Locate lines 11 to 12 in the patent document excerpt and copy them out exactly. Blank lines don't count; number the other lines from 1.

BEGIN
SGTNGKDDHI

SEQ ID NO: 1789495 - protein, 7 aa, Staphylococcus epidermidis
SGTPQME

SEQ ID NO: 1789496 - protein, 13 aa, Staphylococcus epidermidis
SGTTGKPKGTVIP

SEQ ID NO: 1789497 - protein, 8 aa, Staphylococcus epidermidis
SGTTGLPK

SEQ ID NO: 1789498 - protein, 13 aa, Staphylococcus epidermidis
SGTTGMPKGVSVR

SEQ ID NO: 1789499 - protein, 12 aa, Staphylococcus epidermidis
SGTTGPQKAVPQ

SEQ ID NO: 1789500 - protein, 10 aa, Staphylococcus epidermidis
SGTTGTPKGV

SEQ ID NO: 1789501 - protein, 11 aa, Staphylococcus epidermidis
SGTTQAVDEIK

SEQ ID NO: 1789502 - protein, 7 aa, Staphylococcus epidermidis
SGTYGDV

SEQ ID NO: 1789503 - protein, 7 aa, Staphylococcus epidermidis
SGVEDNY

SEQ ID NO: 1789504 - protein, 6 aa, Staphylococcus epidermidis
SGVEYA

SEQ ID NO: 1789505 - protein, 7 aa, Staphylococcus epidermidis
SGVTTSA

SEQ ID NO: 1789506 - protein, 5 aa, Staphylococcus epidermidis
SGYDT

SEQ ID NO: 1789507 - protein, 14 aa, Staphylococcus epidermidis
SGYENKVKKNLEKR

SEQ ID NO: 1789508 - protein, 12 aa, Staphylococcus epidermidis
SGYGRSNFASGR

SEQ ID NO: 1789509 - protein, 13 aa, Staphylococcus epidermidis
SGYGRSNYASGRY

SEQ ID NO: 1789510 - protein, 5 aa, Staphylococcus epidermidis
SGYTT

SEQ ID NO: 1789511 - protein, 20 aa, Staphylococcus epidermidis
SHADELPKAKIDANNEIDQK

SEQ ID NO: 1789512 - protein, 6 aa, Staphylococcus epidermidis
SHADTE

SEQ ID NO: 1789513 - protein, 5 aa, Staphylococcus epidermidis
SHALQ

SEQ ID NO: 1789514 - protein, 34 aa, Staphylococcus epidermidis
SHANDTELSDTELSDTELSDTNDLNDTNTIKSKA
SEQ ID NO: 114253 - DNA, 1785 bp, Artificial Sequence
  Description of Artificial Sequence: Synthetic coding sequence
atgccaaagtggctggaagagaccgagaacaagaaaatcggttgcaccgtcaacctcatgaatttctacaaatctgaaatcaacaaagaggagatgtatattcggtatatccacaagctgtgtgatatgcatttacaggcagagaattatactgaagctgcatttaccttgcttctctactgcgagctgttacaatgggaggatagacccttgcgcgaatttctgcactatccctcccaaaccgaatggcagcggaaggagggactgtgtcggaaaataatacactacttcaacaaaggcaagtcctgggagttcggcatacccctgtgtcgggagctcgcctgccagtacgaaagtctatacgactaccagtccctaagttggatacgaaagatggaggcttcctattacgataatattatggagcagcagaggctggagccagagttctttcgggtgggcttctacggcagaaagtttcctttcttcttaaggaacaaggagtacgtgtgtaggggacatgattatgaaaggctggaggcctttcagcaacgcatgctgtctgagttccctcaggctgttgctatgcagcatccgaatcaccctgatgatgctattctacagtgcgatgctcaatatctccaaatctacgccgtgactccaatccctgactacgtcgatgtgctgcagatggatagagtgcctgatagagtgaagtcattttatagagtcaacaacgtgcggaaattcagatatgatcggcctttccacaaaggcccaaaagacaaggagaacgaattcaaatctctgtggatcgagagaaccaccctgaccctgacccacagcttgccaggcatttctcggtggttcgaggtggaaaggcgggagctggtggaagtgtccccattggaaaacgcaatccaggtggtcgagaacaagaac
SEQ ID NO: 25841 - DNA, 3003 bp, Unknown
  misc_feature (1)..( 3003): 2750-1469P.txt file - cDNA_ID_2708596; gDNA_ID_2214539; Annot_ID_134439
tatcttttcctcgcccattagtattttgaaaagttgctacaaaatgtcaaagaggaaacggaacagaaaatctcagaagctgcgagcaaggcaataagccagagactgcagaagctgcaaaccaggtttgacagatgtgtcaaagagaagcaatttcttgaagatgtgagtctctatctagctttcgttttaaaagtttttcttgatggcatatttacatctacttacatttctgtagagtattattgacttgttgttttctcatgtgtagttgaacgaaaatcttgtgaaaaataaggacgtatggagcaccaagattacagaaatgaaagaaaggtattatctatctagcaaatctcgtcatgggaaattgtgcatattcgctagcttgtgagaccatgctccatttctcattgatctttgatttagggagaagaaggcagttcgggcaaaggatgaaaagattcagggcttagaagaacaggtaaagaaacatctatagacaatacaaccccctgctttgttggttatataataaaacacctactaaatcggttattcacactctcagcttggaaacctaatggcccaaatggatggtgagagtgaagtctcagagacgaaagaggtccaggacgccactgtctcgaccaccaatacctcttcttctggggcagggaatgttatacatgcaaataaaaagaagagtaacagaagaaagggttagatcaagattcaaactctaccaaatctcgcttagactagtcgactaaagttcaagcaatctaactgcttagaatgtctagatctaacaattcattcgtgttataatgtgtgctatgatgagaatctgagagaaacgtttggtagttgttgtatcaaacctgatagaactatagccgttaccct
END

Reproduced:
SGTTGPQKAVPQ

SEQ ID NO: 1789500 - protein, 10 aa, Staphylococcus epidermidis